Now the actor, who also appeared in The Man with the Iron Fists and Fun Size, is making the jump from the screen to the printed page, as his likeness will be used for a character in Red Sonja #10.
Red Sonja writer Gail Simone shared some artwork from the comic on her Tumblr, showing Chau in action as “the greatest swordsman in the entire world”:
Digital comics | ICv2 has a fascinating interview with Gagan Singh, Viz Media’s chief technology officer, in which he discusses not only the nuts and bolts of the publisher’s digital manga program — it now encompasses a number of e-reader platforms as well as a dedicated app — but also the larger questions of piracy, trends and, most importantly, growing the manga audience: “My favorite example is when you’re in the digital domain, your biggest competition is not the next manga or the next book, your biggest competition is Angry Birds because it’s only one click away. When you get into debate over mind share, I’m not just trying to get them to read the next book, I’m trying to get them to not listen to that song or play that video game. That is a bigger challenge where marketing and mind share is concerned.” [ICv2]
2012 marked the end of one of the more notable and at times controversial superhero series in recent memory, The Boys. The monthly series, in which writer Garth Ennis and company cast a cold, satirical eye on the superhero genre and American culture, came to its natural conclusion a few months ago, though there didn’t seem to be much talk about it on the Interwebs.
That being the case, I thought it might be fun (and hopefully enlightening) to start up some sort of discussion about the series, so I ensnared JK Parkin, one of the few people I know who has read the entire thing, to do a little Q&A with me. I think it turned out pretty well. Click on the link below to see if you agree with my assessment.
In any entertainment field, the only thing more difficult than breaking through and scoring that first hit is doing it again and again. And in comics, one of the people I’ve marveled at for his ability to top his previous hit and reinvent himself, all while staying true to himself and his style, is writer Andy Diggle.
He’s done a lot during his 15 years in comics: He helped to turn around then-flagging 2000AD with a back-to-basics approach. He dusted off a forgotten set of DC Comics characters and re-made them into a popular Vertigo series with The Losers. He gave readers a modern vantage point for DC’s archer Green Arrow. He took Marvel’s Daredevil to the darkest point. And at this year’s New York Comic Con, he was the belle of the ball in terms of announcements with four new titles, and several more already in the works.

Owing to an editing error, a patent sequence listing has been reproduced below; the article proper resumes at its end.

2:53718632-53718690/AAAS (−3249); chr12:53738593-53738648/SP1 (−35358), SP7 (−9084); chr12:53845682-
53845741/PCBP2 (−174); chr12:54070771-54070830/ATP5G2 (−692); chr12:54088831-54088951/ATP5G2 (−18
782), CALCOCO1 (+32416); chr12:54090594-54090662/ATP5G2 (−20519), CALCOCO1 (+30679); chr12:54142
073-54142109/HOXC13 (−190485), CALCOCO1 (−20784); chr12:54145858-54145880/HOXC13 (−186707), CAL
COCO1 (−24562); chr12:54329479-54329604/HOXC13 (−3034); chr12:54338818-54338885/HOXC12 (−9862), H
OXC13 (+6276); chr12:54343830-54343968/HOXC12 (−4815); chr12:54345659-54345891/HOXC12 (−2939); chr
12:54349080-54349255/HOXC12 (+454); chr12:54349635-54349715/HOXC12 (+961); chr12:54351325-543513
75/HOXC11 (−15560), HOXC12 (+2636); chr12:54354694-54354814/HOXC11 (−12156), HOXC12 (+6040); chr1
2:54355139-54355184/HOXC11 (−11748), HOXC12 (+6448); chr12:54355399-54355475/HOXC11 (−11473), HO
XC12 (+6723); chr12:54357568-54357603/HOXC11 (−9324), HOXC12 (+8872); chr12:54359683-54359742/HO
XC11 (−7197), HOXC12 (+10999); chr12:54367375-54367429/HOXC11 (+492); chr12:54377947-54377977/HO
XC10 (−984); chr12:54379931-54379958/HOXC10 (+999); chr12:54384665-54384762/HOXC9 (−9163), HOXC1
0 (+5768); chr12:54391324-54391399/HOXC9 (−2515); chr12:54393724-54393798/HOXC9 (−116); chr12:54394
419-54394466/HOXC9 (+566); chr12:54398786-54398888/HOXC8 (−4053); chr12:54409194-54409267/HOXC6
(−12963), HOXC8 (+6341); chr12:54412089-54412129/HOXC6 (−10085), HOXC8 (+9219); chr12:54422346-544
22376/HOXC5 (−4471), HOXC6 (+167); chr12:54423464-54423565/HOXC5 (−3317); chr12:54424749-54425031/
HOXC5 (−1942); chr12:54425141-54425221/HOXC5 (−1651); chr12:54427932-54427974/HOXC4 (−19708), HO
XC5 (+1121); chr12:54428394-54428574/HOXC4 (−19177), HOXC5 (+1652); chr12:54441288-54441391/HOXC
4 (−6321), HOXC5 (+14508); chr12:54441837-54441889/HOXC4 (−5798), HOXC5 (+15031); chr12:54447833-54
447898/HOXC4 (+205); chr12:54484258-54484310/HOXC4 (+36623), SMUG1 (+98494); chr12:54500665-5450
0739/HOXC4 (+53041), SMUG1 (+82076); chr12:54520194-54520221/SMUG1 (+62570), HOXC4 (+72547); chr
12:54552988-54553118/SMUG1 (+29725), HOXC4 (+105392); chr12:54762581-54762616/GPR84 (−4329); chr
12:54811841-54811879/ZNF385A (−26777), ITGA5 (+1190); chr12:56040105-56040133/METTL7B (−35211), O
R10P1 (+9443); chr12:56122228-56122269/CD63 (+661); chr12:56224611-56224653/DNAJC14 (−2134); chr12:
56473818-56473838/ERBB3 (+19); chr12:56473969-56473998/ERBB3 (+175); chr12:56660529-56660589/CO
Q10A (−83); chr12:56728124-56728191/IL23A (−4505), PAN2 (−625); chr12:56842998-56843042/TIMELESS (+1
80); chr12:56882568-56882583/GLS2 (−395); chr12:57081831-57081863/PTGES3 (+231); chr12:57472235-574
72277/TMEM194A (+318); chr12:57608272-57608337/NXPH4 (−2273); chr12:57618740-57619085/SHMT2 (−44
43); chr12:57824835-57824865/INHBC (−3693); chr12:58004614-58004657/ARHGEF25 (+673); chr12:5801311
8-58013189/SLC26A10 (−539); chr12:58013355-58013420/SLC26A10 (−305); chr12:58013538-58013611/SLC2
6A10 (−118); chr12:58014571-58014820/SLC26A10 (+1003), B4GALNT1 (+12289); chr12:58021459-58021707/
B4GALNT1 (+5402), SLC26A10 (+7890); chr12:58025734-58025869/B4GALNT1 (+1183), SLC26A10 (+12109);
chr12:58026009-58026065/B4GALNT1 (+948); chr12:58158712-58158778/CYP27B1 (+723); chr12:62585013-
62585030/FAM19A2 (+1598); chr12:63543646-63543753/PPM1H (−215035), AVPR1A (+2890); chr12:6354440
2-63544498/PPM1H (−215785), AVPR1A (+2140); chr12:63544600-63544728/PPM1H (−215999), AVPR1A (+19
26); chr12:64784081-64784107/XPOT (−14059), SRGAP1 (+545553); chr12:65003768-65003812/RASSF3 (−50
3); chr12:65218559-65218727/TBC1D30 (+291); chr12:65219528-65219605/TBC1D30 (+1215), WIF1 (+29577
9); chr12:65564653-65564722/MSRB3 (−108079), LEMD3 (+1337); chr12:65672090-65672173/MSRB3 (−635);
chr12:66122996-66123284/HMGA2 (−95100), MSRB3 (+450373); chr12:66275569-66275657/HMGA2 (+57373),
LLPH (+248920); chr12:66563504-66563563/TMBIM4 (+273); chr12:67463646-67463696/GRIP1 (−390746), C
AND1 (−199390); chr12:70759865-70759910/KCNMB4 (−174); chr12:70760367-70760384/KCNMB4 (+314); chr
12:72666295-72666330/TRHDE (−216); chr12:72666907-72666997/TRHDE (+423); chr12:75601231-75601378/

Conventions | Jason Knize makes a case for New York Comic Con potentially becoming “the Comic Con” next year, surpassing Comic-Con International as the completion of renovations on the Jacob Javits Center frees up an additional 90,000 square feet of space. However, he notes that space and attendance — NYCC’s 116,000 this year versus CCI’s 130,000 or so — certainly aren’t the only determining factors. [Panels on Pages]
Comics | Don MacPherson, who’s a newspaper reporter as well as a comics blogger, ponders Clark Kent’s departure from The Daily Planet in this week’s Superman #13: “In the scene in which Clark issues his ideological proclamation, Perry White retorts, ‘Go easy on us mortals, Clark. Times are changing and print is a dying medium.’ The challenges the Planet faces in the story reflect not only real-world ones in the newspaper industry, but also those faced by DC Comics itself as it struggles to stave off ebbing readership and find a way to foster an audience for online comics. Digital-publishing initiatives in the world of comics aside, I feel it important to argue Perry is wrong. Print isn’t a dying medium. What’s dying are past business models.” [Eye on Comics]